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Hotspots for evolution
June 2006

Ever wonder why the Amazon is loaded with different species while the Antarctic boasts just a few? Well, so did New Zealand biologists Shane Wright, Jeanette Keeling, and Len Gillman — and the answer they discovered would be no surprise to any sun-worshipping tourist: duh, it's the weather! The team compared DNA from tropical plant species with the DNA from species in cooler climates and found that the tropical species' DNA had evolved about twice as fast as that of their cold-weather cousins! The researchers chalked this difference up to the warmer weather of the tropics — which encourages lush growth, higher metabolic rates, and hence, higher rates of mutation. Those high mutation rates could boost the pace of speciation — resulting in a myriad of tropical species.

rain forest Antarctic
What's the difference between speciation in a tropical rain forest and speciation in the Antarctic?

Where's the evolution?
The researchers on this study looked at a fundamental question in evolution: why are there so many different species — and specifically, why are they concentrated at the equator? But answering a question like this can be tricky. After all, the species that currently inhabit the tropics evolved thousands or millions of years ago — how can we learn about that deep history from the evidence available today? The research team based their approach on the evolutionary clues passed down from generation to generation in the genes of different species.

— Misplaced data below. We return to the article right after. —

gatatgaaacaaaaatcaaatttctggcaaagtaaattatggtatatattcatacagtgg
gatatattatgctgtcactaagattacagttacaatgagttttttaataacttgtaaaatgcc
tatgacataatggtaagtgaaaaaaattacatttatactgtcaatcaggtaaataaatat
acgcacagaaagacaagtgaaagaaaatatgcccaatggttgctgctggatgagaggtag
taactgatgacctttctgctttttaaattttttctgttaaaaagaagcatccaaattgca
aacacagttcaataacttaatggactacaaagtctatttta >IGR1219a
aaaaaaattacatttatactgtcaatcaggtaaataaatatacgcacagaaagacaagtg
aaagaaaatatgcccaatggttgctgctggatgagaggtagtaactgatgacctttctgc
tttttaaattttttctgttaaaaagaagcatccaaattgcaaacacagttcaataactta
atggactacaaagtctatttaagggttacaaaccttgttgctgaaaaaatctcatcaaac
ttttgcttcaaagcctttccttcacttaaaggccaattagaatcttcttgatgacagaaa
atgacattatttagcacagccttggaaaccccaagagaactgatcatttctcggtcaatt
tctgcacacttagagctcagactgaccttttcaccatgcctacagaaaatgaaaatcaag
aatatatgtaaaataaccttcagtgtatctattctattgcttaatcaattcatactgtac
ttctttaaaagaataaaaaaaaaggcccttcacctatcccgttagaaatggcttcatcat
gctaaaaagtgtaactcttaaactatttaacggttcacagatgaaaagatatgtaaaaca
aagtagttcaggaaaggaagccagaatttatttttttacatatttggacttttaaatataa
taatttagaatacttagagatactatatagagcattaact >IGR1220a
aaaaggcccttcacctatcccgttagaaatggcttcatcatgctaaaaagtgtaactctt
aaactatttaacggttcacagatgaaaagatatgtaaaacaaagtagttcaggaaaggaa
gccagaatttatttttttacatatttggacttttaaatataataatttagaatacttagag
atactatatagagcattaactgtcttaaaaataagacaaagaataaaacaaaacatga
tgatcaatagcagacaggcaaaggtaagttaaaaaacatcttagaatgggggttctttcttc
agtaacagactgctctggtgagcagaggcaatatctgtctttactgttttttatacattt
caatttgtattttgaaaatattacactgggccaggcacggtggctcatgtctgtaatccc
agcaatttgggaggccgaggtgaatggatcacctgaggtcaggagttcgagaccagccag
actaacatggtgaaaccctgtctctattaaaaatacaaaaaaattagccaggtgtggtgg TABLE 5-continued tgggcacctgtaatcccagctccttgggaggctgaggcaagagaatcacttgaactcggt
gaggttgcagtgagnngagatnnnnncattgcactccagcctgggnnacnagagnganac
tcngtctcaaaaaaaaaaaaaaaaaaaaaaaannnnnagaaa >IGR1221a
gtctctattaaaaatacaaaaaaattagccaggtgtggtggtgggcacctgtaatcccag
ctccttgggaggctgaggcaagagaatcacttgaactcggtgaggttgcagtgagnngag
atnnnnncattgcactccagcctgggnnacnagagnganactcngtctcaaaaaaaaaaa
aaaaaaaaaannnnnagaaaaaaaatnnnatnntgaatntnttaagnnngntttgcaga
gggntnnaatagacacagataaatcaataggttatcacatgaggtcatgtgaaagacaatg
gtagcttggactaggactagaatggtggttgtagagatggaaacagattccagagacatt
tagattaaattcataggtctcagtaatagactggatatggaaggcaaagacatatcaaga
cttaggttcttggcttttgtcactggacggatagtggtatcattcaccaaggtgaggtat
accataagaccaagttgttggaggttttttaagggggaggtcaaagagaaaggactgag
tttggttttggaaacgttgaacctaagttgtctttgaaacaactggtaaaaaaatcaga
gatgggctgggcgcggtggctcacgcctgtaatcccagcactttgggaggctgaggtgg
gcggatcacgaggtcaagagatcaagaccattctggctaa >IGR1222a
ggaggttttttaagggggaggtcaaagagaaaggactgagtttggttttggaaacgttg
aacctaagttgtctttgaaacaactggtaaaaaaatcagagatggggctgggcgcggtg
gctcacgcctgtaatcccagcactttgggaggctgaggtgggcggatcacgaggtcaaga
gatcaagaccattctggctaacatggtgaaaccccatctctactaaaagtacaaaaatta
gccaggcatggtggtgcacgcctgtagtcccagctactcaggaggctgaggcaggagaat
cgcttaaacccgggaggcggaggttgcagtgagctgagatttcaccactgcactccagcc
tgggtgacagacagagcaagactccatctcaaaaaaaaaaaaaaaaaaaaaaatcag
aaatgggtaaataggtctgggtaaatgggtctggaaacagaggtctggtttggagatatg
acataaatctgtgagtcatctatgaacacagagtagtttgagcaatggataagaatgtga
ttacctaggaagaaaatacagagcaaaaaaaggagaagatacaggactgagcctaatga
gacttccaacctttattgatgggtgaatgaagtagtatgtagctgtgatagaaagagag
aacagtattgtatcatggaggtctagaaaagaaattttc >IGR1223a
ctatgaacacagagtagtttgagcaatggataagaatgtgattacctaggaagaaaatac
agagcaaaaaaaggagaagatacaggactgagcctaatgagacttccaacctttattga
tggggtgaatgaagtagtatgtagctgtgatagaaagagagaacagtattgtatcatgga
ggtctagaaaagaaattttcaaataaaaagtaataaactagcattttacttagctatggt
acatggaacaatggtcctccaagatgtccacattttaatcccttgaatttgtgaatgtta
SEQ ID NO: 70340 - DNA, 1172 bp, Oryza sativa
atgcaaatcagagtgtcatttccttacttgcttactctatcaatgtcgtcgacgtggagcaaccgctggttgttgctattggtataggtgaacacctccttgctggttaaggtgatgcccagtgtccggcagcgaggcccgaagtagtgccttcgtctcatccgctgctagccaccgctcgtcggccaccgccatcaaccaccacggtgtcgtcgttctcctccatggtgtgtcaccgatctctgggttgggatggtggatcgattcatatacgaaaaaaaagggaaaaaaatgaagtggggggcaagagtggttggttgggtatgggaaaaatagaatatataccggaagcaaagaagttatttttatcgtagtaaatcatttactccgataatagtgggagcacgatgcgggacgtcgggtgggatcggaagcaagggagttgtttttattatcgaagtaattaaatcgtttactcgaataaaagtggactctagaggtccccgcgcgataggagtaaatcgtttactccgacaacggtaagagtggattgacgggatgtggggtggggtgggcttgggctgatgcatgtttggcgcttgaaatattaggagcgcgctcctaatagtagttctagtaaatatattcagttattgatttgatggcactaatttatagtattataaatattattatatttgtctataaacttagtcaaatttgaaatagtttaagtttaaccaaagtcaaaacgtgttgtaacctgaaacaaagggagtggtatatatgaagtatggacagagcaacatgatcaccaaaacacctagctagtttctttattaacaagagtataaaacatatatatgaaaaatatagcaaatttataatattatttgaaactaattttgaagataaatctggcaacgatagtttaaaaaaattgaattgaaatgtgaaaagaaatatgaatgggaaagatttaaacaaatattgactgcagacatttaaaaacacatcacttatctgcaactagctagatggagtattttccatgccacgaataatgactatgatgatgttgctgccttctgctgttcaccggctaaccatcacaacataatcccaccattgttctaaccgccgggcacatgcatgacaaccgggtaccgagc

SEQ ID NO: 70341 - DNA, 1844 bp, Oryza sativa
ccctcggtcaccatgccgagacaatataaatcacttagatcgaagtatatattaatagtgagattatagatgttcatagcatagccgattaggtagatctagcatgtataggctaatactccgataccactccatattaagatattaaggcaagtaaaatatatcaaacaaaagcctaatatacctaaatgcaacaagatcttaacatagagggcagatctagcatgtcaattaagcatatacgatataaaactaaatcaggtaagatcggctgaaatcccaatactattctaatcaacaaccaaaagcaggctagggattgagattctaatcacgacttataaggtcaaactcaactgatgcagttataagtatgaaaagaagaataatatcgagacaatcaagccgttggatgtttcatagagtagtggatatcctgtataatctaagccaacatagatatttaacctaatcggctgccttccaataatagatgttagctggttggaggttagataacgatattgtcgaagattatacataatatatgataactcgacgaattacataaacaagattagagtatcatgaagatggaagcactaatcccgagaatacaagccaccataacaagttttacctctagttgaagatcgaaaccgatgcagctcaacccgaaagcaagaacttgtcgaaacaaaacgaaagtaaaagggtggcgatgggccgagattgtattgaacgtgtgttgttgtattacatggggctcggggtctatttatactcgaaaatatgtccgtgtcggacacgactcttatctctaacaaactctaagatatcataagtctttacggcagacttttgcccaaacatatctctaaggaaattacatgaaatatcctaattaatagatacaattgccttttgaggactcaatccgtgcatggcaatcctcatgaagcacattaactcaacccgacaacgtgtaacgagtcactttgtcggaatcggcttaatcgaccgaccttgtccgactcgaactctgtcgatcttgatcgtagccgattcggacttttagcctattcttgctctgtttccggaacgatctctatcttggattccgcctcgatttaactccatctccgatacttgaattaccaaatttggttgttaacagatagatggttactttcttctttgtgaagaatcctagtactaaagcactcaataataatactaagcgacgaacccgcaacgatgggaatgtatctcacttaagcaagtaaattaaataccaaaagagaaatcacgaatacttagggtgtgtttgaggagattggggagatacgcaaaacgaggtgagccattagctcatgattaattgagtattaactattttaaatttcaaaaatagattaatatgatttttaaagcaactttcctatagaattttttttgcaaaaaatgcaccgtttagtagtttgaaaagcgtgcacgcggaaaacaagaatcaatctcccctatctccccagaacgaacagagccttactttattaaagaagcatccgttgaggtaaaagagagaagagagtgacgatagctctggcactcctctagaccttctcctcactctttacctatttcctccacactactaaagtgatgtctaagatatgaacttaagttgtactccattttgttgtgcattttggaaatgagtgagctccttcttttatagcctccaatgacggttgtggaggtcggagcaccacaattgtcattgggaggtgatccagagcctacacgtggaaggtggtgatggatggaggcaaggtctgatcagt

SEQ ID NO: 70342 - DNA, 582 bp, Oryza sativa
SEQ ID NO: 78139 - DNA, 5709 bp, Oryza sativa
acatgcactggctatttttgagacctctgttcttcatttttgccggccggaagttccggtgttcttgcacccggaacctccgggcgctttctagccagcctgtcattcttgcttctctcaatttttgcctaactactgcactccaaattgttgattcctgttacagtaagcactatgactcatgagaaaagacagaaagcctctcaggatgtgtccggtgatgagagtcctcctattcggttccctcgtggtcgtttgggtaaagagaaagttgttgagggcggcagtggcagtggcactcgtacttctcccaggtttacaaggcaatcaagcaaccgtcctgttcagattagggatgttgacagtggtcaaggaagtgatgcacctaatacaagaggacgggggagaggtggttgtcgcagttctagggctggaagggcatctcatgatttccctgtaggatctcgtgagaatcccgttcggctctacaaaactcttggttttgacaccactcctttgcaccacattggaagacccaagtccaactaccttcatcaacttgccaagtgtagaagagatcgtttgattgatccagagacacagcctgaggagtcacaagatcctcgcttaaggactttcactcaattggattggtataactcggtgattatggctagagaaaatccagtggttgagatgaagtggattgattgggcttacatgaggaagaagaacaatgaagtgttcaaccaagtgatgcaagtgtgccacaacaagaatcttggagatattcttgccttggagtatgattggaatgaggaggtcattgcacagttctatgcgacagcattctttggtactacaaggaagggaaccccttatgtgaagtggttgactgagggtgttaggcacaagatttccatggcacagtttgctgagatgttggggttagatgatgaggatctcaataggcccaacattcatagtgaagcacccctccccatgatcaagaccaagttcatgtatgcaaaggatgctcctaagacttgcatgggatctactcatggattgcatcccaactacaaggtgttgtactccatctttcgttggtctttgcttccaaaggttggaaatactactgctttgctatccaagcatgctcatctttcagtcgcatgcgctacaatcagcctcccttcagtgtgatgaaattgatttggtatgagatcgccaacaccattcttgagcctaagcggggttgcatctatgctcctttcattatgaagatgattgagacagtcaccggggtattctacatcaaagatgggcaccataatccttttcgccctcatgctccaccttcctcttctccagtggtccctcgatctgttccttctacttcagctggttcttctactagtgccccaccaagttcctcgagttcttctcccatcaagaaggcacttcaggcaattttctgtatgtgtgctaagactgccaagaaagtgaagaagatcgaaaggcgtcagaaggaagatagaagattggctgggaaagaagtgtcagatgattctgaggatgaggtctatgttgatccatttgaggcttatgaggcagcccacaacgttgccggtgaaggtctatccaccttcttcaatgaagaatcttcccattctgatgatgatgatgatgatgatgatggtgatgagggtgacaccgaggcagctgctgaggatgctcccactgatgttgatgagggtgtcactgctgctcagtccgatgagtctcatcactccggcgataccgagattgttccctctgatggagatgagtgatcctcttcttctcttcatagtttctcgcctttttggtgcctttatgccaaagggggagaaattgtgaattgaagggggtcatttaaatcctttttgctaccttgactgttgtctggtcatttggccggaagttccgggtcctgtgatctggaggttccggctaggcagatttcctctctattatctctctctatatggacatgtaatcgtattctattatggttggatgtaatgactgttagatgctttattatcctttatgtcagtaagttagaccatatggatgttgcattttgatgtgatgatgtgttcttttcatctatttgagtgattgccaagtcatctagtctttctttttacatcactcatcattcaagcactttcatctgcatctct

Biologists first noted the diversity spike in the tropics several hundred years ago. More recently, biologists have found that metabolic rate (the speed of chemical reactions occurring within the body) is directly related to temperature: the higher the temperature, the higher organisms' metabolisms will be simply because biochemical reactions occur more quickly at higher temperatures. The New Zealand team focused on one main hypothesis that links those two observations: tropical species evolve more quickly than cold-weather species because higher temperatures lead to higher mutation rates. This is a reasonable hypothesis since warm-weather organisms likely have higher metabolic rates, and some substances involved in metabolic reactions can cause DNA damage, potentially leading to a mutation. Mutations, in turn, increase genetic variation, the raw material of evolution. So warm weather means higher metabolism, which means higher mutation rates — which may mean that warm-weather species evolve more quickly than cold-weather species.